With the first boss battle won and Chris sitting on the Jury, it’s time for the next phase of the game to begin. Yet for all the talk of the merge signalling the start of Big Moves, this philosophy rarely plays out in reality. Instead, the early merge is all about navigating the social minefield to escape elimination and garner influence amongst allies so that you have the ammunition to make big plays in the actual end game. This approach has been emphasised in recent years with 13-player merges. With so many castaways scrambling for control and so many individual agendas, it’s much simpler to look for the consensus targets. Perceived low threats like Hali Ford or divisive irritants like Taylor Stocker or The Noble One himself make for ideal targets that everybody can agree on just so they can make it one more day.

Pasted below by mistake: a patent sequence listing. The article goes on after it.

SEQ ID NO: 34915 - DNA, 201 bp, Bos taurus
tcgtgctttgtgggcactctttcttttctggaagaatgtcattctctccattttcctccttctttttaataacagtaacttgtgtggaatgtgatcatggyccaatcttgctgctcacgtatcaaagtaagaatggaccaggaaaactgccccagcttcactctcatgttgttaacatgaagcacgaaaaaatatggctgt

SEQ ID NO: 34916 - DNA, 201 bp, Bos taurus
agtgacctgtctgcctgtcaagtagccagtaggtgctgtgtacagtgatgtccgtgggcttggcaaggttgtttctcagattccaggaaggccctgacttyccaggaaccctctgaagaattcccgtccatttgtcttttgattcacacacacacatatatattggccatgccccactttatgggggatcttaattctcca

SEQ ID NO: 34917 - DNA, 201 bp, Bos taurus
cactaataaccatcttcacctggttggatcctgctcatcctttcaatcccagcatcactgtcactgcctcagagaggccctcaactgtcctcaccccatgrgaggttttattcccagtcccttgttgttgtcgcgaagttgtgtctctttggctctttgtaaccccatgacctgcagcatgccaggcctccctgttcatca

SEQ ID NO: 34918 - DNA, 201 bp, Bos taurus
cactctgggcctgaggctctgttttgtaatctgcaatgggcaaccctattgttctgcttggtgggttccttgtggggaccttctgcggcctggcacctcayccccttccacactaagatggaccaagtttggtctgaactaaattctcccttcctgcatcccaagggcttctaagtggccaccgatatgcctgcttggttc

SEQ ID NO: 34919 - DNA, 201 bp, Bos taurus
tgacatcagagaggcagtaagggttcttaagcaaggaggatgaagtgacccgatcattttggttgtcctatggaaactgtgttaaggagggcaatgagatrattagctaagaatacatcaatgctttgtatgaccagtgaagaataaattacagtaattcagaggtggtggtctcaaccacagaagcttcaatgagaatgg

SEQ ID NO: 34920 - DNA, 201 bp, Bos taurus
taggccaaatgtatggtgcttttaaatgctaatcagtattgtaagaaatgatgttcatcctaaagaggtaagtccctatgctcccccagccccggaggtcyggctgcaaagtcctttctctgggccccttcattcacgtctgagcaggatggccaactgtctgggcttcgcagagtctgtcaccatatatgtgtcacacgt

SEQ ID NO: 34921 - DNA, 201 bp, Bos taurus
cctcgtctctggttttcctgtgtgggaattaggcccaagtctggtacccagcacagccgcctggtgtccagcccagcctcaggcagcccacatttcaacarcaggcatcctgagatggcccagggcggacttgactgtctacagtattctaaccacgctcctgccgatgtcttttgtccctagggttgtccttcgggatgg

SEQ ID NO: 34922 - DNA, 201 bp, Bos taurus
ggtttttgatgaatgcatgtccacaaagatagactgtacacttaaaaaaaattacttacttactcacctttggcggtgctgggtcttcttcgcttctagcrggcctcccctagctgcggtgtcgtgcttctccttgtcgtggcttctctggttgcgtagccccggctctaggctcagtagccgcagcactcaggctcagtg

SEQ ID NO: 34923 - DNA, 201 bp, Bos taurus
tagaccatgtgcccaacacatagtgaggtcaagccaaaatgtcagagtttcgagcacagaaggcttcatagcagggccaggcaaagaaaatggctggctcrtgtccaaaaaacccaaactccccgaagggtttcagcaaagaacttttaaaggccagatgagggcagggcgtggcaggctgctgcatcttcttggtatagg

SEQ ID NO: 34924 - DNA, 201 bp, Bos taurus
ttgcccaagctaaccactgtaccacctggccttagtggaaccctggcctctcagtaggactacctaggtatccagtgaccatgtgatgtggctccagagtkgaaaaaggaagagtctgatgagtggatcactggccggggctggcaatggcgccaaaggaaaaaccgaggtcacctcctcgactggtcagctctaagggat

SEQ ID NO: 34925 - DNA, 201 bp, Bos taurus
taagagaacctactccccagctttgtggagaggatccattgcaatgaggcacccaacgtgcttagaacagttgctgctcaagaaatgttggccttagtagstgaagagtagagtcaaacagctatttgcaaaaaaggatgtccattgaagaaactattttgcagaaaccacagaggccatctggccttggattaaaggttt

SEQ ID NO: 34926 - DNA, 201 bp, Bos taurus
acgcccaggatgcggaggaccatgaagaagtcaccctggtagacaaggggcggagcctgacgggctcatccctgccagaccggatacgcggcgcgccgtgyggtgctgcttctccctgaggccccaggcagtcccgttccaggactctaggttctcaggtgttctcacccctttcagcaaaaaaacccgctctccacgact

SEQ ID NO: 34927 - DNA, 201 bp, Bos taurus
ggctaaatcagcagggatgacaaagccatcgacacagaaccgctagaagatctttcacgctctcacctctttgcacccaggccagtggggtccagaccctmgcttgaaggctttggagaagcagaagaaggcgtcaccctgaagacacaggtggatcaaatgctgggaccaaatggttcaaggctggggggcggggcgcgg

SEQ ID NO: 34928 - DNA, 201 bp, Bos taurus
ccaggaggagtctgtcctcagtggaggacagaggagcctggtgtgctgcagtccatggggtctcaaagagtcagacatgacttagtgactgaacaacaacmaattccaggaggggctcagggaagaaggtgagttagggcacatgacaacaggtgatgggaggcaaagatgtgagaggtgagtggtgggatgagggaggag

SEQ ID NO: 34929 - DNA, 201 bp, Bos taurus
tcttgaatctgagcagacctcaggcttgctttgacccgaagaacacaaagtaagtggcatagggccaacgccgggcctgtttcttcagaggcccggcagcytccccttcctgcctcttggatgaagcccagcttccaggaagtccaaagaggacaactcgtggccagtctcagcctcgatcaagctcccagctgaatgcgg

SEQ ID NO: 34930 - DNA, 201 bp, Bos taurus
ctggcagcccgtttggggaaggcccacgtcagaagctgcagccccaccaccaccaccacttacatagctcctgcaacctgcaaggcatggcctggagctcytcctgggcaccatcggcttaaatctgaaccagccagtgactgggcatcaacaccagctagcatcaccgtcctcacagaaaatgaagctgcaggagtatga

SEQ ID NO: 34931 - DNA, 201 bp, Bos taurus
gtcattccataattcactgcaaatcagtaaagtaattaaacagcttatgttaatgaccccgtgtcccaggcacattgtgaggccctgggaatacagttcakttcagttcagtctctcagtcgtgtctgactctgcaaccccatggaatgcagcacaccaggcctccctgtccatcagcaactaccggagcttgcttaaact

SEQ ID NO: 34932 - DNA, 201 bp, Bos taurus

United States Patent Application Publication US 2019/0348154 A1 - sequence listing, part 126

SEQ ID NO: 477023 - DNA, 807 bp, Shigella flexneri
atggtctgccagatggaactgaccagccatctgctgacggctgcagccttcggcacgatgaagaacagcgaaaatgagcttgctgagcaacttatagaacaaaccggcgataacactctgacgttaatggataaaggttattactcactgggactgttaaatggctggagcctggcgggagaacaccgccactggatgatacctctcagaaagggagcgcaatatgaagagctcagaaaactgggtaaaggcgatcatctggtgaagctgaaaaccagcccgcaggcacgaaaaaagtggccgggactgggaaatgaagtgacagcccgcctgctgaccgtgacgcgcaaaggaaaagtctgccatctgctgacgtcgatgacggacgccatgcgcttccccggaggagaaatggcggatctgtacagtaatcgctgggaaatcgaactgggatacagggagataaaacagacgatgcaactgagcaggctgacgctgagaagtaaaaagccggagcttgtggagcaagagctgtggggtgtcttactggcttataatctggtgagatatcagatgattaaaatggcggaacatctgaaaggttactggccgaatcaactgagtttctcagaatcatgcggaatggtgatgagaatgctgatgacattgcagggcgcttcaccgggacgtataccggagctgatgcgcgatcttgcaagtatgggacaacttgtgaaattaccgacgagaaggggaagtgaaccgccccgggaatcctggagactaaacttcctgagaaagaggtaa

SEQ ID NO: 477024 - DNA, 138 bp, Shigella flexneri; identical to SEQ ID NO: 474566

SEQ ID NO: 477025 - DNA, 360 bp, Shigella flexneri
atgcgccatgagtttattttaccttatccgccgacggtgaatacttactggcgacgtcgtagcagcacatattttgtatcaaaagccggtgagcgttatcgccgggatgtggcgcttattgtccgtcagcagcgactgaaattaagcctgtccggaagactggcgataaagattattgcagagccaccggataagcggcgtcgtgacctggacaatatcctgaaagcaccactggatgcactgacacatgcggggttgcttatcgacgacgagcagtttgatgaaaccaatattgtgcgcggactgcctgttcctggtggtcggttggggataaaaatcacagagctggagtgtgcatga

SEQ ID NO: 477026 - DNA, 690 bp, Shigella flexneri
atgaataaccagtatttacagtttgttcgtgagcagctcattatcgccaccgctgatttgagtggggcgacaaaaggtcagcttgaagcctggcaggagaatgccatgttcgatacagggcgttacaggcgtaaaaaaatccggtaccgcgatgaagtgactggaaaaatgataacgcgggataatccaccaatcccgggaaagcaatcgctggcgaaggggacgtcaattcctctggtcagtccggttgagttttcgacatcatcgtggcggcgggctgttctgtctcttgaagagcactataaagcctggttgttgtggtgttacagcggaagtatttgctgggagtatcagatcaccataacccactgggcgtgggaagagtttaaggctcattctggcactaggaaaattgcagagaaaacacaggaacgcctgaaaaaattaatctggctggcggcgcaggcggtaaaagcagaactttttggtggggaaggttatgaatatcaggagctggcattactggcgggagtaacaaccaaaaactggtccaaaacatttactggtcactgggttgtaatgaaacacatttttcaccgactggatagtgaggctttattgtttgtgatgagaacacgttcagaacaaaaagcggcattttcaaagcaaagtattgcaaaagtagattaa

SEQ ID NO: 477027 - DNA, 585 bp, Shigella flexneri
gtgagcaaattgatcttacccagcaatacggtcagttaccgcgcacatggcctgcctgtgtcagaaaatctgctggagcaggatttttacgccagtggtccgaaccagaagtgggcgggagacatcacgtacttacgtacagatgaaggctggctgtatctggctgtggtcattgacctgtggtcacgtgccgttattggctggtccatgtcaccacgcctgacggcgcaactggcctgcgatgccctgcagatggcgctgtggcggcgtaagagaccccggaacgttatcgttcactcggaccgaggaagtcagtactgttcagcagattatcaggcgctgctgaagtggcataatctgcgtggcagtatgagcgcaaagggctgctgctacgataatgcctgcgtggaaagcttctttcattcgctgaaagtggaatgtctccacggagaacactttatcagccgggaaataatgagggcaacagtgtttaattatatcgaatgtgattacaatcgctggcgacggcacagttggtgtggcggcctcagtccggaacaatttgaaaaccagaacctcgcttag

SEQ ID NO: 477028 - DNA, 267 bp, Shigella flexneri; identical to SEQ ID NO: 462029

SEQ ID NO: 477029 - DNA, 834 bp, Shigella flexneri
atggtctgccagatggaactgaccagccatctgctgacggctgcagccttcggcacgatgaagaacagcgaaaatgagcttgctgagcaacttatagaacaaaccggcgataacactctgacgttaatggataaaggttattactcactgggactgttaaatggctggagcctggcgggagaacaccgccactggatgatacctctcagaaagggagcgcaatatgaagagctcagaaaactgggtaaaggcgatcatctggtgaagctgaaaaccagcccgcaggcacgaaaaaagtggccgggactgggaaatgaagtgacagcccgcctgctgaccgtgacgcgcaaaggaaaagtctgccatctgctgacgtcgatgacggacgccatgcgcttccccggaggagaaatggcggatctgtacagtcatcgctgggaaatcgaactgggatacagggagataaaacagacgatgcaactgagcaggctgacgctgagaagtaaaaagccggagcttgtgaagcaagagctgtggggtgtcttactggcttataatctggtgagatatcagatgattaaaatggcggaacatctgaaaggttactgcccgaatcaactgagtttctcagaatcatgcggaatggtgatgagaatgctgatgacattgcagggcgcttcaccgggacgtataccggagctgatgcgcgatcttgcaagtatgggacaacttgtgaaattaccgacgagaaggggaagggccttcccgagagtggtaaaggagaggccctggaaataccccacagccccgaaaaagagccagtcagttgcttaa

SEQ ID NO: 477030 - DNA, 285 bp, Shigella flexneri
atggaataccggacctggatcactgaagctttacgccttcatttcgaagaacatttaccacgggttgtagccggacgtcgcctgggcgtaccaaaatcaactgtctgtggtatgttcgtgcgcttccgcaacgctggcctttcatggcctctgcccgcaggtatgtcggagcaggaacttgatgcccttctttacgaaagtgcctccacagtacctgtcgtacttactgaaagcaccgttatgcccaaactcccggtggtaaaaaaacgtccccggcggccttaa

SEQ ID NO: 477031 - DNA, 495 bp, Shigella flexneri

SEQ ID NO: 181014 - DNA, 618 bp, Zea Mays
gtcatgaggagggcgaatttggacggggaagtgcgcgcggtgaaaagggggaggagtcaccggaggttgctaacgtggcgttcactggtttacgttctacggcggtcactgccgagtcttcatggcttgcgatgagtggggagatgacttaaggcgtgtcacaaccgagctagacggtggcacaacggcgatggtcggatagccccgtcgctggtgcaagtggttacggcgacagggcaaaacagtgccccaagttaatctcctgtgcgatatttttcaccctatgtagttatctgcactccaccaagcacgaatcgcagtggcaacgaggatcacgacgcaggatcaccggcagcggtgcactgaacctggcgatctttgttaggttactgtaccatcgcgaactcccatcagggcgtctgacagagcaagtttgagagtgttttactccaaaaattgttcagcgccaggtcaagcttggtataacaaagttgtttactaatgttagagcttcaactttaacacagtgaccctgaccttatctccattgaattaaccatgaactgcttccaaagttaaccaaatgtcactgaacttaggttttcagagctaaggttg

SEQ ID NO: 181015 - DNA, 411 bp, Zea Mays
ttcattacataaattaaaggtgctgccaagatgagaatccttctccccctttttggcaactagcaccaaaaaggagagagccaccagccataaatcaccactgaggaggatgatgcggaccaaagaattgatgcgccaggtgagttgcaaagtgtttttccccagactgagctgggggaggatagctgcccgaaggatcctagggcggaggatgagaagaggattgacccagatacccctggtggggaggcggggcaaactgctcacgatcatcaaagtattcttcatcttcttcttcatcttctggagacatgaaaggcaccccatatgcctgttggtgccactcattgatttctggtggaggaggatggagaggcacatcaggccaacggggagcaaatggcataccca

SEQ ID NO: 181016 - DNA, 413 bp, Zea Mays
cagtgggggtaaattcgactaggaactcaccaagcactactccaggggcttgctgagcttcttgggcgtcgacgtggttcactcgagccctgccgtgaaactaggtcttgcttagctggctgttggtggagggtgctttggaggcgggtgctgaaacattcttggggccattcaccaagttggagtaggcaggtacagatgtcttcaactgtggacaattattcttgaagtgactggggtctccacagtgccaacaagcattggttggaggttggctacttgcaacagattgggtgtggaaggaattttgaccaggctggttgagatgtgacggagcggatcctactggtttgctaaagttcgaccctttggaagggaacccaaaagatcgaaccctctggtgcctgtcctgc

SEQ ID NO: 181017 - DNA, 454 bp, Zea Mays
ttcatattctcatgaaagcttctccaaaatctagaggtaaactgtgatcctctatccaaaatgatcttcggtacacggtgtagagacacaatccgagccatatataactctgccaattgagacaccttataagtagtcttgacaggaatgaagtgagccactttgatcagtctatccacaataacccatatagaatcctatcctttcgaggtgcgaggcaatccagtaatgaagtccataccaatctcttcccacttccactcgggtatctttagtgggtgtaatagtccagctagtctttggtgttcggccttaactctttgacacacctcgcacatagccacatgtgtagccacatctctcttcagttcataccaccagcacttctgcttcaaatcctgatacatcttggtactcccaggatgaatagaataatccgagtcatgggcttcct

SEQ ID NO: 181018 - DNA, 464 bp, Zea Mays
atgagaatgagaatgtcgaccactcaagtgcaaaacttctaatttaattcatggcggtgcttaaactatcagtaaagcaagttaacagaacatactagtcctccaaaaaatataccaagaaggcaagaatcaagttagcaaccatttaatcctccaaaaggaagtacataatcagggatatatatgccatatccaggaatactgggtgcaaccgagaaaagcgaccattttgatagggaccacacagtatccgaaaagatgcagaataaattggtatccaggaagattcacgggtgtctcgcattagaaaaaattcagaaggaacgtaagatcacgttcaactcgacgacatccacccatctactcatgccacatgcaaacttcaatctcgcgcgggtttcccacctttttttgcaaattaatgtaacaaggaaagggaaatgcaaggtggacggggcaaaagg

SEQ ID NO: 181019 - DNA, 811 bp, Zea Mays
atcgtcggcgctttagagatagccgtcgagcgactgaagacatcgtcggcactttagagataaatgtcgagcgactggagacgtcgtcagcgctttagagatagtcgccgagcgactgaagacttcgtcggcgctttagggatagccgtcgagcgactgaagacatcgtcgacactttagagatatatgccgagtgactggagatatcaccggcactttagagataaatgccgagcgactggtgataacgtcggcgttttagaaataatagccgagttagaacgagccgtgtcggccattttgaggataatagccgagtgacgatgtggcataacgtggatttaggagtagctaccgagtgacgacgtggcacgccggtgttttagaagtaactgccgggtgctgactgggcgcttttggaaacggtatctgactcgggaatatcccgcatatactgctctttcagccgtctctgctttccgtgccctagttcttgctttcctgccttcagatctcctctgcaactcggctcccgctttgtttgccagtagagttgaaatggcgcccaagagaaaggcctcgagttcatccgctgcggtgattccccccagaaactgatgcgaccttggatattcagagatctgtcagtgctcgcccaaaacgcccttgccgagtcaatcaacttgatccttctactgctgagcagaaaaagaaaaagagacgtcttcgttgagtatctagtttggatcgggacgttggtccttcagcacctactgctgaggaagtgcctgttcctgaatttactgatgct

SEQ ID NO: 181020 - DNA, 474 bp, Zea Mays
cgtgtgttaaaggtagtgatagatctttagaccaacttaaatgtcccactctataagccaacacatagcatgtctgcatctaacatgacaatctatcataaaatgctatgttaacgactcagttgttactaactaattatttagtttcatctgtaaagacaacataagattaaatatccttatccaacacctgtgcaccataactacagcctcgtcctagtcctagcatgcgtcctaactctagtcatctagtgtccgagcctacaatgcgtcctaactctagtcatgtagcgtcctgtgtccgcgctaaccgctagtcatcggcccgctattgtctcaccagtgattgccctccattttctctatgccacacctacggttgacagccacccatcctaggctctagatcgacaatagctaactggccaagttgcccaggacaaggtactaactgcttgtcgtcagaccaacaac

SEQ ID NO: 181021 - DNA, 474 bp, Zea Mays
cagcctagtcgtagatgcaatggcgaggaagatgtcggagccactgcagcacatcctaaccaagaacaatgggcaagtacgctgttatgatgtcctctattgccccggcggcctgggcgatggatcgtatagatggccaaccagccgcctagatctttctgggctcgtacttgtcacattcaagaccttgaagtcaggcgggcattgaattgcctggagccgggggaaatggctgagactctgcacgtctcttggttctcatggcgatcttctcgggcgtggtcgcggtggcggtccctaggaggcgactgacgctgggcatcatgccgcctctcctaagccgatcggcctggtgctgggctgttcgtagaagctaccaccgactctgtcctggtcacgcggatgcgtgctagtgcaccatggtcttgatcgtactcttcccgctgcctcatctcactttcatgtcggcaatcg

This week was much the same. Having survived the first merge vote, the twelve castaways of Lavita invoked the Diaz-Twine Rule of “Anybody But Me,” coalescing around a common target. But each player was also evaluating their current state and their future path to victory. For some, it was the realisation of their unfavourable predicament. For others, it was keeping a desperate grasp on their previously constructed plans. And for a few key players, it was about finding the fine line between playing dangerously and playing recklessly. After all, it doesn’t take much in the middle game to become the easy name.